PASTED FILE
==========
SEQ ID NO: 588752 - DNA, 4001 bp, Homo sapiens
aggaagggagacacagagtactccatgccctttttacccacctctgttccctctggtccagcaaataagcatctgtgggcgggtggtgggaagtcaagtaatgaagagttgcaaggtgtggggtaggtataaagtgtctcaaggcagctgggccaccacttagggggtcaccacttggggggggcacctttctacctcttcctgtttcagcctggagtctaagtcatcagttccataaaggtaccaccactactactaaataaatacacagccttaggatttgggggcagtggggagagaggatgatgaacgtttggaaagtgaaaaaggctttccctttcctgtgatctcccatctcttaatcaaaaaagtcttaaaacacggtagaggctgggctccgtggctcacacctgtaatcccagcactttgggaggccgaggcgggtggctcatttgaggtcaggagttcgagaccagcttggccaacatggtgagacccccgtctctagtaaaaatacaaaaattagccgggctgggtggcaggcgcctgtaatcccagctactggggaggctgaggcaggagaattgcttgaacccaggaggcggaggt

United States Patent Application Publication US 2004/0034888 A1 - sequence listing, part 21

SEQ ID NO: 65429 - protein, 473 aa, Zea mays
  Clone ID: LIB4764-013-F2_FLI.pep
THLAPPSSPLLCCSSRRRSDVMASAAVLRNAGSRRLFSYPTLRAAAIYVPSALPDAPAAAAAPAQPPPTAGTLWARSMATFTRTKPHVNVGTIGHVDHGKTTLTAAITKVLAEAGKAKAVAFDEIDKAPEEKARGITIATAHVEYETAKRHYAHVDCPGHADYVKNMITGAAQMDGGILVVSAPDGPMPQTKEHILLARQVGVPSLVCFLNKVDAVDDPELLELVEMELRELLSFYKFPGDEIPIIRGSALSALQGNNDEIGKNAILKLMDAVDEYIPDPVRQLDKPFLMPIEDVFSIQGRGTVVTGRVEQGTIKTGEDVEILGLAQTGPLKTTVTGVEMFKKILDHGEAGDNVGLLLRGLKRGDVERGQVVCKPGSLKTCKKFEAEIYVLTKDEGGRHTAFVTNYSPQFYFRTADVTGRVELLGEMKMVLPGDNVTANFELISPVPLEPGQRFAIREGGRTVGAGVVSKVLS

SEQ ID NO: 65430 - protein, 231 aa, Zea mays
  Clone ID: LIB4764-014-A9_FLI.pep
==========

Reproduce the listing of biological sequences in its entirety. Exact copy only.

SEQ ID NO: 588752 - DNA, 4001 bp, Homo sapiens
aggaagggagacacagagtactccatgccctttttacccacctctgttccctctggtccagcaaataagcatctgtgggcgggtggtgggaagtcaagtaatgaagagttgcaaggtgtggggtaggtataaagtgtctcaaggcagctgggccaccacttagggggtcaccacttggggggggcacctttctacctcttcctgtttcagcctggagtctaagtcatcagttccataaaggtaccaccactactactaaataaatacacagccttaggatttgggggcagtggggagagaggatgatgaacgtttggaaagtgaaaaaggctttccctttcctgtgatctcccatctcttaatcaaaaaagtcttaaaacacggtagaggctgggctccgtggctcacacctgtaatcccagcactttgggaggccgaggcgggtggctcatttgaggtcaggagttcgagaccagcttggccaacatggtgagacccccgtctctagtaaaaatacaaaaattagccgggctgggtggcaggcgcctgtaatcccagctactggggaggctgaggcaggagaattgcttgaacccaggaggcggaggt

United States Patent Application Publication US 2004/0034888 A1 - sequence listing, part 21

SEQ ID NO: 65429 - protein, 473 aa, Zea mays
  Clone ID: LIB4764-013-F2_FLI.pep
THLAPPSSPLLCCSSRRRSDVMASAAVLRNAGSRRLFSYPTLRAAAIYVPSALPDAPAAAAAPAQPPPTAGTLWARSMATFTRTKPHVNVGTIGHVDHGKTTLTAAITKVLAEAGKAKAVAFDEIDKAPEEKARGITIATAHVEYETAKRHYAHVDCPGHADYVKNMITGAAQMDGGILVVSAPDGPMPQTKEHILLARQVGVPSLVCFLNKVDAVDDPELLELVEMELRELLSFYKFPGDEIPIIRGSALSALQGNNDEIGKNAILKLMDAVDEYIPDPVRQLDKPFLMPIEDVFSIQGRGTVVTGRVEQGTIKTGEDVEILGLAQTGPLKTTVTGVEMFKKILDHGEAGDNVGLLLRGLKRGDVERGQVVCKPGSLKTCKKFEAEIYVLTKDEGGRHTAFVTNYSPQFYFRTADVTGRVELLGEMKMVLPGDNVTANFELISPVPLEPGQRFAIREGGRTVGAGVVSKVLS

SEQ ID NO: 65430 - protein, 231 aa, Zea mays
  Clone ID: LIB4764-014-A9_FLI.pep